The South Australian State Government funded Meningococcal B Immunisation Program provides free meningococcal B (Bexsero) vaccines for children and young people. The vaccination program includes children under 4 years of age and young adults from 17 years to under 21 years (commencing 1/2/19).
Children under 4 years
We offer the meningococcal B (Bexsero) immunisation for your child at their usual National Immunisation Program (NIP) vaccinations (4, 6, 12 and 18 months). Children not due for their NIP vaccinations, who are under the age of 4 years, will be eligible to receive the funded meningococcal B (Bexsero) immunisation in a catch-up clinic on Friday mornings. The number of doses of the meningococcal vaccination depends on the age that the vaccination course is commenced. If you would like your child to be vaccinated, please make a booking at our Meningococcal B vaccine clinic by calling us on (08) 7228 5818 during business hours.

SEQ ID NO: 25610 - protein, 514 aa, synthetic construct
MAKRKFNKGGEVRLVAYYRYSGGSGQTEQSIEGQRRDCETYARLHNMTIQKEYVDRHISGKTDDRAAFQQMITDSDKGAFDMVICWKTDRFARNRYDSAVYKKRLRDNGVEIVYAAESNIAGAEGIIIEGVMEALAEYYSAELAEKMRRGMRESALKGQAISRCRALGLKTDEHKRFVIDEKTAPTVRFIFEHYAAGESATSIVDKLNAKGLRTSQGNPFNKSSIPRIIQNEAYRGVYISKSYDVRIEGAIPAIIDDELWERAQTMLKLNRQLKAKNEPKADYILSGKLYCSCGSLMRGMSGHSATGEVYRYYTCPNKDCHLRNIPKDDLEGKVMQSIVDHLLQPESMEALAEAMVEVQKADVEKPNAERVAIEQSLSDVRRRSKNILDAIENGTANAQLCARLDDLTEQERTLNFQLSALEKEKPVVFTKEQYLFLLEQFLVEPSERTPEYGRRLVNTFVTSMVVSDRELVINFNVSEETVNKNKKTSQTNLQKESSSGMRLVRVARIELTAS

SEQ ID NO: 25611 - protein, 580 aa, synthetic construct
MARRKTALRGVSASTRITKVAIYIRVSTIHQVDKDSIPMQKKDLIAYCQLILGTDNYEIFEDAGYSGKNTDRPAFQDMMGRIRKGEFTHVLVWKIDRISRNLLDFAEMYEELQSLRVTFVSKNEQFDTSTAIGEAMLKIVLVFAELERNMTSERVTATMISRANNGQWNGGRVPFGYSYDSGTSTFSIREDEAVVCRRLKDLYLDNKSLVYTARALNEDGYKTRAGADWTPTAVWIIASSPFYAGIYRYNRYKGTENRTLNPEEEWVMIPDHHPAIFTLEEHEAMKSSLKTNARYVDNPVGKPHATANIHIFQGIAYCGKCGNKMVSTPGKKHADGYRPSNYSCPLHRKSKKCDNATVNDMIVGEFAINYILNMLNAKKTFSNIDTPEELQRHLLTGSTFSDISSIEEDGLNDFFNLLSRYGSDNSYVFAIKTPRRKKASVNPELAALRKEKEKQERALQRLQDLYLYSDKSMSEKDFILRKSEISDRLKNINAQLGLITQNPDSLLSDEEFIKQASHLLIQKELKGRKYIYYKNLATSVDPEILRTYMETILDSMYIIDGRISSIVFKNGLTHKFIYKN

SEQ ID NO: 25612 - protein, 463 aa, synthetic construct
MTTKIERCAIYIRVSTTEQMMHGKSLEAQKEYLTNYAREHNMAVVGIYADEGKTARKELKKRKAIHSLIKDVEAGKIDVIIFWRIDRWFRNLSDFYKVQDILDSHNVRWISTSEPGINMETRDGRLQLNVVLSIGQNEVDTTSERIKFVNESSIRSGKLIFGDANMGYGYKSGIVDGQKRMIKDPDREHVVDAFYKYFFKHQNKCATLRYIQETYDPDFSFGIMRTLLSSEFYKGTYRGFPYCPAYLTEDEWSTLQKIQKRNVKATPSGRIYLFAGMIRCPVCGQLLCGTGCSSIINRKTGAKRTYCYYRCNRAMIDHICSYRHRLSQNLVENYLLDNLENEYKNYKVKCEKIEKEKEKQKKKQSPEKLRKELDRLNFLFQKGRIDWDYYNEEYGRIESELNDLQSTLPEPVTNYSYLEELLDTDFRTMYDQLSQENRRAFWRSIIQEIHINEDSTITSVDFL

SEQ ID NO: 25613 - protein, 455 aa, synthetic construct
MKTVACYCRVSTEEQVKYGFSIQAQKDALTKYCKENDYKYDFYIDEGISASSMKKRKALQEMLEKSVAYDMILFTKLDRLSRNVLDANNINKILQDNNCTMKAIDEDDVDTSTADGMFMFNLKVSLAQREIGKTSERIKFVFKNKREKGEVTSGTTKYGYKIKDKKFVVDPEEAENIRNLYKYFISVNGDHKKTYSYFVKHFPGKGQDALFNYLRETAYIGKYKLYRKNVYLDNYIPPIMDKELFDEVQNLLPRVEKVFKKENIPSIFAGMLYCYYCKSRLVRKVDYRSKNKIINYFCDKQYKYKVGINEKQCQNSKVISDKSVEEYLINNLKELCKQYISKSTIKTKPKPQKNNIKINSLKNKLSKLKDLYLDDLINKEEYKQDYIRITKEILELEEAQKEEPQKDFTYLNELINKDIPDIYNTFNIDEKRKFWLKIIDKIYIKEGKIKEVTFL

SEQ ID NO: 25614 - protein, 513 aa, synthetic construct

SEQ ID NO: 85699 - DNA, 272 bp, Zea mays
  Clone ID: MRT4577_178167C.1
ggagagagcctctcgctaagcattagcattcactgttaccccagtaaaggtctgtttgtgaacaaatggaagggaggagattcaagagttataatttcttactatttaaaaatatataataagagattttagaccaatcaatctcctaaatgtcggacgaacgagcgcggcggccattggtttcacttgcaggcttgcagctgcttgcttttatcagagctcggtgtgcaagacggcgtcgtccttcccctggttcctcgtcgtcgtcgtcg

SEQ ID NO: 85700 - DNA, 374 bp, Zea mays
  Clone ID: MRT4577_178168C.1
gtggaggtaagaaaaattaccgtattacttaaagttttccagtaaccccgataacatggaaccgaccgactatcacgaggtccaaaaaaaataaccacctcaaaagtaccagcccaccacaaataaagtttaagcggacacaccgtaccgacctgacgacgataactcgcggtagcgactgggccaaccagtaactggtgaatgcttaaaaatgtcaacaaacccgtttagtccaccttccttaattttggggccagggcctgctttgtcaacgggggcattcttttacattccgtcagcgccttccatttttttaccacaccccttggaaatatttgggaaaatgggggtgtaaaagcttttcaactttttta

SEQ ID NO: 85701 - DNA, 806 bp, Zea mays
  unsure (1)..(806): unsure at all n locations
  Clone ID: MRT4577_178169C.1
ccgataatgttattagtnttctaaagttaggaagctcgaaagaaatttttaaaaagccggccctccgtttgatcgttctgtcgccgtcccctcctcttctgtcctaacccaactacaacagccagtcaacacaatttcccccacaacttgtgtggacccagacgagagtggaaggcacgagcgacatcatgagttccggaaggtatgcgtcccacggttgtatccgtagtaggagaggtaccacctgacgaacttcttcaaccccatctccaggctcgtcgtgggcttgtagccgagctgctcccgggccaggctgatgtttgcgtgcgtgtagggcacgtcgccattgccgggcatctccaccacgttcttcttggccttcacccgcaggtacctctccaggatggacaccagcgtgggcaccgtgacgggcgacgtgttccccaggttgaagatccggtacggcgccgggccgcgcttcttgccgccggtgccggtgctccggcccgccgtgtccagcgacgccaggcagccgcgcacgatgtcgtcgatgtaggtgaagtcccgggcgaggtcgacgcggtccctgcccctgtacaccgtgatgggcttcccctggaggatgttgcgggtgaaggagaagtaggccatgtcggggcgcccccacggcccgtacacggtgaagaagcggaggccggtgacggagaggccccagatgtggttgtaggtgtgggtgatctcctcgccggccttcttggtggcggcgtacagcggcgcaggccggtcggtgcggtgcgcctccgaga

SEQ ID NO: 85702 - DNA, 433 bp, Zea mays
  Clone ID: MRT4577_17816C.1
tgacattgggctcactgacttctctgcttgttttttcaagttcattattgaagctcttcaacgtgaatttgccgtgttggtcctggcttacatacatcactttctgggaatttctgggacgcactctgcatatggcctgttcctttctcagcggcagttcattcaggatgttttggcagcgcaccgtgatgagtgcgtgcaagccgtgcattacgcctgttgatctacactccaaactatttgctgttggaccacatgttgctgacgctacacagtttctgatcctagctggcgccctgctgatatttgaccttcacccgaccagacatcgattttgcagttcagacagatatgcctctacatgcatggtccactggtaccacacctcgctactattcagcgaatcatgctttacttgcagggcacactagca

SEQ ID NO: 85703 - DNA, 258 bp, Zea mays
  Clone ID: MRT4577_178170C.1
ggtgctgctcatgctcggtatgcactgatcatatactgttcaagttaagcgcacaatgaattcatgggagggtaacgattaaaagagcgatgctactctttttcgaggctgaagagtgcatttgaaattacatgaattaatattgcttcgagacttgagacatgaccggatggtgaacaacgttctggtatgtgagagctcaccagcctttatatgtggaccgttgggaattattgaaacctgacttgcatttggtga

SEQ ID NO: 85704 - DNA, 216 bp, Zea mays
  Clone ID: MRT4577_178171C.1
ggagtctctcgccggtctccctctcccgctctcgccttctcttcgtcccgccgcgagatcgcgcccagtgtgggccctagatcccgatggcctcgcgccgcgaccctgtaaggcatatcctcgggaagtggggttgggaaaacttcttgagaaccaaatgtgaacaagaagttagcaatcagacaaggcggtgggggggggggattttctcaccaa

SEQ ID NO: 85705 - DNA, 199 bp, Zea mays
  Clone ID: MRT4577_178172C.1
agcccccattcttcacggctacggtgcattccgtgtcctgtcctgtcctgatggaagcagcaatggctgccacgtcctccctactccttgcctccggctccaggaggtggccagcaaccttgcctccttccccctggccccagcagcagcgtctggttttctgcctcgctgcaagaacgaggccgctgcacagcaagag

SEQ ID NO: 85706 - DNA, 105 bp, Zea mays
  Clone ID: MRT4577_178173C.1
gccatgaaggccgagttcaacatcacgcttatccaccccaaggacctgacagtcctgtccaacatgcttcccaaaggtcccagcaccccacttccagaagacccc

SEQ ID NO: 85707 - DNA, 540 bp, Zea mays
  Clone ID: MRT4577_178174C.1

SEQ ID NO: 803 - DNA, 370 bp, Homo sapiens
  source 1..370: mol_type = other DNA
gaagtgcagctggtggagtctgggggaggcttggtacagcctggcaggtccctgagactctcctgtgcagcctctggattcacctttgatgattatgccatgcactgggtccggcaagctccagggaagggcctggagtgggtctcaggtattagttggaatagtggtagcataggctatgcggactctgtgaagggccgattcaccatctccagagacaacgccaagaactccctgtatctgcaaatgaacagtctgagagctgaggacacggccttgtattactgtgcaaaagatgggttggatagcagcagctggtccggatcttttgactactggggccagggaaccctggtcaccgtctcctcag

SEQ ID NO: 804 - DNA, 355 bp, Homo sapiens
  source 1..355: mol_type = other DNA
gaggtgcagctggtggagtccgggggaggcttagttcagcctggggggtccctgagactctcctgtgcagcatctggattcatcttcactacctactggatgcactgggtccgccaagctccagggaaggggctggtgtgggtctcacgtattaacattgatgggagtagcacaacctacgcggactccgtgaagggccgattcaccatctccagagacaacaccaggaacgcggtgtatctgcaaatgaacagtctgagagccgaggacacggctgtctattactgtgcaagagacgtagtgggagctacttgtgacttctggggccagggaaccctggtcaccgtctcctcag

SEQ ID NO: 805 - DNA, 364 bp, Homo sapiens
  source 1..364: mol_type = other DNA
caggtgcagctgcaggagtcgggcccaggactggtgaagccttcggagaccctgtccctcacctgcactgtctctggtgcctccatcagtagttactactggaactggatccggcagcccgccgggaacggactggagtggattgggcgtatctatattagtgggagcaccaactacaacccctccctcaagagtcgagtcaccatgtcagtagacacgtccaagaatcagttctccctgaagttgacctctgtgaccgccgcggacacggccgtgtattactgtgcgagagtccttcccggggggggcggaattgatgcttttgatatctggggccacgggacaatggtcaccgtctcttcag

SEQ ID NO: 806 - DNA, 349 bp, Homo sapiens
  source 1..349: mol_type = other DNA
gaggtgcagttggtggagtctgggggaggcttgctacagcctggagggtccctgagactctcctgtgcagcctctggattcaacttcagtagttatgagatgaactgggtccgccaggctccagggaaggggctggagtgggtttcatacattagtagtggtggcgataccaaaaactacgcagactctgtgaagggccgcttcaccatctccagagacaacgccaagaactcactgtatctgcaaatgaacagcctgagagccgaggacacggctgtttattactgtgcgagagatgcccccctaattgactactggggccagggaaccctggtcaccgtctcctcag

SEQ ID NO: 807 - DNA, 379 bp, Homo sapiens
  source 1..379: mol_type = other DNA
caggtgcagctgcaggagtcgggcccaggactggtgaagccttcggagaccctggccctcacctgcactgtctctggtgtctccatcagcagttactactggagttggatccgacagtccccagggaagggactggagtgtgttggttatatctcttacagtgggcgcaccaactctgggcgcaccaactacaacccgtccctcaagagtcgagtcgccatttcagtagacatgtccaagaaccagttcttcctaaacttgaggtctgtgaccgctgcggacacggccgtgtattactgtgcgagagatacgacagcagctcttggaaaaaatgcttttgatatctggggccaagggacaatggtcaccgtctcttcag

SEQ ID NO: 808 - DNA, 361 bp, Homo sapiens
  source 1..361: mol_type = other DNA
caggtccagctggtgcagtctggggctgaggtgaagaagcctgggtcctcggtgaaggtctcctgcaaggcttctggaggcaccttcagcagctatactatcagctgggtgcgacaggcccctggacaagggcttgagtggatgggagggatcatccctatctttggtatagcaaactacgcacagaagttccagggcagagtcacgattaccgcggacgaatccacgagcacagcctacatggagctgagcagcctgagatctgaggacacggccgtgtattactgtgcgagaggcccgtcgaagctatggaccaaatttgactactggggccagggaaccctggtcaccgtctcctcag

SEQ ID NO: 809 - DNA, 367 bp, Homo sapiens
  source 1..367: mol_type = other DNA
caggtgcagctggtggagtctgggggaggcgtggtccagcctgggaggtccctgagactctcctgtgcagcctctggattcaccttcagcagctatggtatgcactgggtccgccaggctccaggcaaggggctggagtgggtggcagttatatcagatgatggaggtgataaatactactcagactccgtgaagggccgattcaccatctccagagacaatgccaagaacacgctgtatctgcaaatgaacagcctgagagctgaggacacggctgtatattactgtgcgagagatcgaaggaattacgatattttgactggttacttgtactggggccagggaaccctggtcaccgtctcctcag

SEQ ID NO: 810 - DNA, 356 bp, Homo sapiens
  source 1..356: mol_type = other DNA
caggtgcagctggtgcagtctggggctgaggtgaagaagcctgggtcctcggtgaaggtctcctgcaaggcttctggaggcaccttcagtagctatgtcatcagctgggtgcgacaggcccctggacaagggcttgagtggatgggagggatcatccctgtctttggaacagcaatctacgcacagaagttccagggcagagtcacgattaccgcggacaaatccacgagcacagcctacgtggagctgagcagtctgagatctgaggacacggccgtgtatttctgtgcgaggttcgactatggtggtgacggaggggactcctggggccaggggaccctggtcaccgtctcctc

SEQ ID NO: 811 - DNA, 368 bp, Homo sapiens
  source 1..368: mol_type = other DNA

Students in Years 10 and 11 will be offered vaccination through the School Immunisation Program, with an ongoing school program to offer vaccination to Year 10 students.
A catch-up program will be available for those aged 17 to less than 21 years of age, which ends 31 December 2019.
If you would like to arrange vaccination and are aged 17 to less than 21 years, please make a booking by calling us on (08) 7228 5818 during business hours.
Fever is a common side effect of this vaccination. About 1 in 4 children will have a fever of 38°C or more, and 1 in 10 a fever of 39°C or more degrees. This is highest within 6 hours of vaccination, and resolves within 3 days. It is recommended children less than 2 years of age receive a dose of paracetamol approximately 30 minutes before the immunisation to reduce the risk of fever. A further two doses of paracetamol can be given at 6 and 12 hours following vaccination, regardless of fever. This does not affect the effectiveness of the vaccination, but does halve the risk of high grade fever. Other common reactions to the vaccination include tenderness, swelling and redness at the injection site, irritability, sleepiness or crying.
For adolescents and adults the most common reported reactions are pain at the injection site, malaise and headache.
Please talk with our Practice Nurse Bridget, or our Doctors, for more information on the vaccination.
More information on the program and vaccination can be found at: